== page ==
Get flash to fully experience Pearltrees
Lawmakers seems to believe that if you put the term "Cyber" together with scary terms like "war," "terror," and "security" that you can get the power you need to pass bills and enable new powers for the government. The same tactics were employed quite unsuccessfully with SOPA and PIPA, bills that used words like "theft," "copyright infringement," "piracy," and "counterfeiting" to fight against supposed international crime. ACTA used some of those same terms, and threw "counterfeit or illegal pharmaceutical drugs" to scare people.
Rep. Darrell Issa (left) and Sen. Ron Wyden tell the audience at the Personal Democracy Forum that an Internet Bill of Rights would protect users from censorship. Click on the photo to watch tape of the interview. (Credit: Screenshot by Greg Sandoval/CNET)
You'd think that the proponents of SOPA [ 1 ] would give up that legislative dead parrot's ghost. But they're still doing the rounds on radio and in print, claiming that millions of Americans were 'duped' into opposing their harmless little internet censorship law. The fresh (!) talking points go like this: Wikipedia, Reddit, Boing Boing and others 'lied' to the public about what SOPA was in the crucial final moments, 'abused our power' by going dark for a day, and thereby tricked legislators and the public into turning on a much-needed new law. What rot.
Published time: February 09, 2012 20:30 Edited time: February 10, 2012 01:53 Internet pirates winning with war on copyright with new software "Tribler" The never-ending war between copyright holders and online pirates just entered a new phase. However, this time hackers are armed with the ultimate weapon that may grant them victory. The new software called “ Tribler ” is the new weapon in the battle for Internet liberty and does not need a website to track users sharing torrent files.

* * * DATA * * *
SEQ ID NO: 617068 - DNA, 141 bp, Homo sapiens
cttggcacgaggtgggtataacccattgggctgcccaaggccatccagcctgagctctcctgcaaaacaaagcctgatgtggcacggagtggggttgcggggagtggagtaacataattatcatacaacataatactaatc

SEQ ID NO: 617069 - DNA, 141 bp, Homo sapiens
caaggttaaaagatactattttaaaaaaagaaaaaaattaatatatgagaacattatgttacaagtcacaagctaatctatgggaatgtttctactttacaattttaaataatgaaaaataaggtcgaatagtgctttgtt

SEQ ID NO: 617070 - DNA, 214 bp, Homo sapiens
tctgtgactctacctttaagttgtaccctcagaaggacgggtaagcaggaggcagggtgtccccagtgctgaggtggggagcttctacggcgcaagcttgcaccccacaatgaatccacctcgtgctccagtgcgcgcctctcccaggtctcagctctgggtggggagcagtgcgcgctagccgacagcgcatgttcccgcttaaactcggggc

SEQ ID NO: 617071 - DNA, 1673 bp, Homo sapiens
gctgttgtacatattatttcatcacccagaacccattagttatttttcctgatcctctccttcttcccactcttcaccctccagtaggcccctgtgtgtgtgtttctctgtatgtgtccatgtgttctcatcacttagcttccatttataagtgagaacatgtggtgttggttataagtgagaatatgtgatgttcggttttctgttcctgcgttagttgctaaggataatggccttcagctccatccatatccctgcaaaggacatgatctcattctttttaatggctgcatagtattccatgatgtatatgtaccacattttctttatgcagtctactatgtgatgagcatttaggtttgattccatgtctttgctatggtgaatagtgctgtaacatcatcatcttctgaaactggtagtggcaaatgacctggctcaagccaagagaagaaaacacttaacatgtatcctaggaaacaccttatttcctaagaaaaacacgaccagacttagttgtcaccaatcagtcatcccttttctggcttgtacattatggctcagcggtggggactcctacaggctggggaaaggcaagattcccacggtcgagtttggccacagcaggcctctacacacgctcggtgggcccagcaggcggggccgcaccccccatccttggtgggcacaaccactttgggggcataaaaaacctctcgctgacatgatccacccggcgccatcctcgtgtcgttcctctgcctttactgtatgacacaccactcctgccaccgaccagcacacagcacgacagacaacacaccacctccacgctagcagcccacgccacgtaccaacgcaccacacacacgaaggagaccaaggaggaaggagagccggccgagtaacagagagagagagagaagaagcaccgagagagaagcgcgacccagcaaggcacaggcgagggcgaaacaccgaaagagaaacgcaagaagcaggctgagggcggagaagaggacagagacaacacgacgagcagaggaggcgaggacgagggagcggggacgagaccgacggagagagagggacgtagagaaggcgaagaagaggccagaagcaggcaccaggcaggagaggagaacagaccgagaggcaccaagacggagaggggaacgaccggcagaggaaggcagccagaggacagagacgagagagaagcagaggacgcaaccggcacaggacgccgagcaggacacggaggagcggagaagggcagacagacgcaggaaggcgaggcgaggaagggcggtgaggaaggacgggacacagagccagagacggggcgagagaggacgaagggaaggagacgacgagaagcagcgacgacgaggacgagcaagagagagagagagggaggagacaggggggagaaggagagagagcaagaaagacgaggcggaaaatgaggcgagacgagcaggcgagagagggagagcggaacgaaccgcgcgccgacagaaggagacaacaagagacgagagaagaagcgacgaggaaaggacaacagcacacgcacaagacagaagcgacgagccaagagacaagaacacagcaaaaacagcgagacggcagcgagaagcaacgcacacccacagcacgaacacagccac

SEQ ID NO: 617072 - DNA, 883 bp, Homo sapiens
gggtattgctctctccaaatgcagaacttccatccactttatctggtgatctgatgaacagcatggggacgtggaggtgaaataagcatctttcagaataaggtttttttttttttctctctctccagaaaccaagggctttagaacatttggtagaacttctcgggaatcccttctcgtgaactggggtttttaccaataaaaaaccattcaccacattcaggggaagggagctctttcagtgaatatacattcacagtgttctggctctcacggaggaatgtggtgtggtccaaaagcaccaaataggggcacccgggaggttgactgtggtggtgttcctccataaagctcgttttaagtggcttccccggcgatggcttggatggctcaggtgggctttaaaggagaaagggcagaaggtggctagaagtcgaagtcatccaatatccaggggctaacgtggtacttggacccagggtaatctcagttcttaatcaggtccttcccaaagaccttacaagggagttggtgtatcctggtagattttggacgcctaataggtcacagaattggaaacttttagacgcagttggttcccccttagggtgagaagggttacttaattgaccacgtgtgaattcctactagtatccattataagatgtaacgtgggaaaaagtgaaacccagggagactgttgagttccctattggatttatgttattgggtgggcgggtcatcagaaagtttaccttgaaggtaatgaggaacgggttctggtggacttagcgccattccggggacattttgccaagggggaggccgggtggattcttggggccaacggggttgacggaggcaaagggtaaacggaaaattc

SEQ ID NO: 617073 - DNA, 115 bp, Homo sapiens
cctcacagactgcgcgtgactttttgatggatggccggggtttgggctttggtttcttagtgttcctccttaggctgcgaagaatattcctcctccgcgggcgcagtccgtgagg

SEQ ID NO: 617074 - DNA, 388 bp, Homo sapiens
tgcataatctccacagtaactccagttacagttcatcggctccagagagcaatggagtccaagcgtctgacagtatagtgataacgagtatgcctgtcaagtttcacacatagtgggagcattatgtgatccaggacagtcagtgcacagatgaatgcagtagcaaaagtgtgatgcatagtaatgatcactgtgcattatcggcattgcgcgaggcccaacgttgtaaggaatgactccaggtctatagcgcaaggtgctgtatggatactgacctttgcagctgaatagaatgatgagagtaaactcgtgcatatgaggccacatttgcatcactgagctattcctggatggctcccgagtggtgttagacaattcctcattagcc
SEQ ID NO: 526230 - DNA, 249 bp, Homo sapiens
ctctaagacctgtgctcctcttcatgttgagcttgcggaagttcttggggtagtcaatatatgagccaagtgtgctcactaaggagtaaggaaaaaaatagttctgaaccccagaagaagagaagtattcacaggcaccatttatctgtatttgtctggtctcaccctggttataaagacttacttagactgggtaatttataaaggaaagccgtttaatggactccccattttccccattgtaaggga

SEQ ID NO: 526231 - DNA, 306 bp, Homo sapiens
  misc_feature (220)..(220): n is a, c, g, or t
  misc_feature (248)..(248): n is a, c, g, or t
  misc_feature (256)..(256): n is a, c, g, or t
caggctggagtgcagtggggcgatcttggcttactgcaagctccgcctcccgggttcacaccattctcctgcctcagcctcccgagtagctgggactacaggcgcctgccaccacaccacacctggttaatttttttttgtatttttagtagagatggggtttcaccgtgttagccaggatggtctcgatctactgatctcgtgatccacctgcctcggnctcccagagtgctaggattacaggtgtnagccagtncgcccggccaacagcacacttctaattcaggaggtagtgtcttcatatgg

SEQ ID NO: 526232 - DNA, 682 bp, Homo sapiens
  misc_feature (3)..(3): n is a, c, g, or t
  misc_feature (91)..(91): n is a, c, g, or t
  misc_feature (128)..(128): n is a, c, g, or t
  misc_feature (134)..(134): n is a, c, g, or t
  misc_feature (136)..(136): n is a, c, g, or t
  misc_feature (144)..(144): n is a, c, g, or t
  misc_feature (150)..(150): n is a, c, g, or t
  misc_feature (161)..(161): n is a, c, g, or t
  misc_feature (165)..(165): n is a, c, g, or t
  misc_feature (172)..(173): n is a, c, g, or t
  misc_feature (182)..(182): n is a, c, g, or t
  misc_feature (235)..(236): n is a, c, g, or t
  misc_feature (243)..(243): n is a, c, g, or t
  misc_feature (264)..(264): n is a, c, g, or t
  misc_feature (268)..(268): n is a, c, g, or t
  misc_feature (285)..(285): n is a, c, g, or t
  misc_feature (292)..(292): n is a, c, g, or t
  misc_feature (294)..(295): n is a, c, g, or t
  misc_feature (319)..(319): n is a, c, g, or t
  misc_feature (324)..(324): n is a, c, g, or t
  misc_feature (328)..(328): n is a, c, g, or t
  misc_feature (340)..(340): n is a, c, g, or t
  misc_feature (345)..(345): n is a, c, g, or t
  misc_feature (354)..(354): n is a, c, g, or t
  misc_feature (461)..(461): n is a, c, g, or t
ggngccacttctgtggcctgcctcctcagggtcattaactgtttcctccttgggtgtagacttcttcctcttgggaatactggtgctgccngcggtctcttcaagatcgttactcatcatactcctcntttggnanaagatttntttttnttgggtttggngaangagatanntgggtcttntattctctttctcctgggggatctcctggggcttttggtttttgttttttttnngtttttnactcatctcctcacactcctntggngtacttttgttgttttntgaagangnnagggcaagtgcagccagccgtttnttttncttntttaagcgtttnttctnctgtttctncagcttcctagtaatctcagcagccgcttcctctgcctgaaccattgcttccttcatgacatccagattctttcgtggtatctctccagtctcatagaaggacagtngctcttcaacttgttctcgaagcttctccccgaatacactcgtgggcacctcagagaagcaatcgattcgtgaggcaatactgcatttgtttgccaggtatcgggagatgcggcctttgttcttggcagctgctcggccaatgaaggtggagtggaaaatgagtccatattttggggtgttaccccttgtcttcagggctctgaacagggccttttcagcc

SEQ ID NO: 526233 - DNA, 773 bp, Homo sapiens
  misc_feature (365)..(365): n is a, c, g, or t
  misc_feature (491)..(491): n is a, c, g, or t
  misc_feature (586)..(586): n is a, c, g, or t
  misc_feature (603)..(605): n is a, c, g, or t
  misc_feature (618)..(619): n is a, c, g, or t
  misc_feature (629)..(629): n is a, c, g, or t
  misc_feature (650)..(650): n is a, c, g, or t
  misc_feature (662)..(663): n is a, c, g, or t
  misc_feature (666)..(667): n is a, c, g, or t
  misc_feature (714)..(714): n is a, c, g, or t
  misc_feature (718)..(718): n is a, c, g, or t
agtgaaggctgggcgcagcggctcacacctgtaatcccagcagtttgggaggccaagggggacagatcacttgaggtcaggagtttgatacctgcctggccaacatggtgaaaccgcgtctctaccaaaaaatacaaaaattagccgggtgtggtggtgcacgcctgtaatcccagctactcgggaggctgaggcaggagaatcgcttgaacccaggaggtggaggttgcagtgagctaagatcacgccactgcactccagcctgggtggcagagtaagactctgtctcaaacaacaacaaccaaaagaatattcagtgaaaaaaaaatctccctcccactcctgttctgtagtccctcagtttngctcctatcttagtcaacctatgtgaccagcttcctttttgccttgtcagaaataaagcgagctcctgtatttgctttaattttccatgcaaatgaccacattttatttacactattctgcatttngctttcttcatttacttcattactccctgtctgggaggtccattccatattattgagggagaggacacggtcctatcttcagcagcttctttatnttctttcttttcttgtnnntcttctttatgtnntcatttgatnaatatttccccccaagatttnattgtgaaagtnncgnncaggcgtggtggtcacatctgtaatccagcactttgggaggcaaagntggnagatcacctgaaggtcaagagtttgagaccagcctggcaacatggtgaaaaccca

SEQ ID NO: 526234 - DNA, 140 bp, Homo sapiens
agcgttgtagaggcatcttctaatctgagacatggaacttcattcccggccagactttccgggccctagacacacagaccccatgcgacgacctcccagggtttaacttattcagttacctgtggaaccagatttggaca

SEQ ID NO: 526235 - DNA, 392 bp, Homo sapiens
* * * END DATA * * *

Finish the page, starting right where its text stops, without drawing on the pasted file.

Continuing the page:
SOPA / PIPA
The Stop Online Piracy Act ( SOPA ) is a United States bill introduced by U.S. Representative Lamar S. Smith (R-TX) to expand the ability of U.S. law enforcement to combat online copyright infringement and online trafficking in counterfeit goods . Provisions include the requesting of court orders to bar advertising networks and payment facilities from conducting business with infringing websites, and search engines from linking to the websites, and court orders requiring Internet service providers to block access to the websites.
The PROTECT IP Act ( Preventing Real Online Threats to Economic Creativity and Theft of Intellectual Property Act , or PIPA ) is a proposed law with the stated goal of giving the US government and copyright holders additional tools to curb access to "rogue websites dedicated to the sale of infringing or counterfeit goods", especially those registered outside the U.S. [ 1 ] The bill was introduced on May 12, 2011, by Senator Patrick Leahy (D-VT) [ 2 ] and 11 bipartisan co-sponsors. The Congressional Budget Office estimated that implementation of the bill would cost the federal government $47 million through 2016, to cover enforcement costs and the hiring and training of 22 new special agents and 26 support staff. [ 3 ] The Senate Judiciary Committee passed the bill, but Senator Ron Wyden (D-OR) placed a hold on it. [ 4 ] The PROTECT IP Act is a re-write of the Combating Online Infringement and Counterfeits Act (COICA), [ 5 ] which failed to pass in 2010.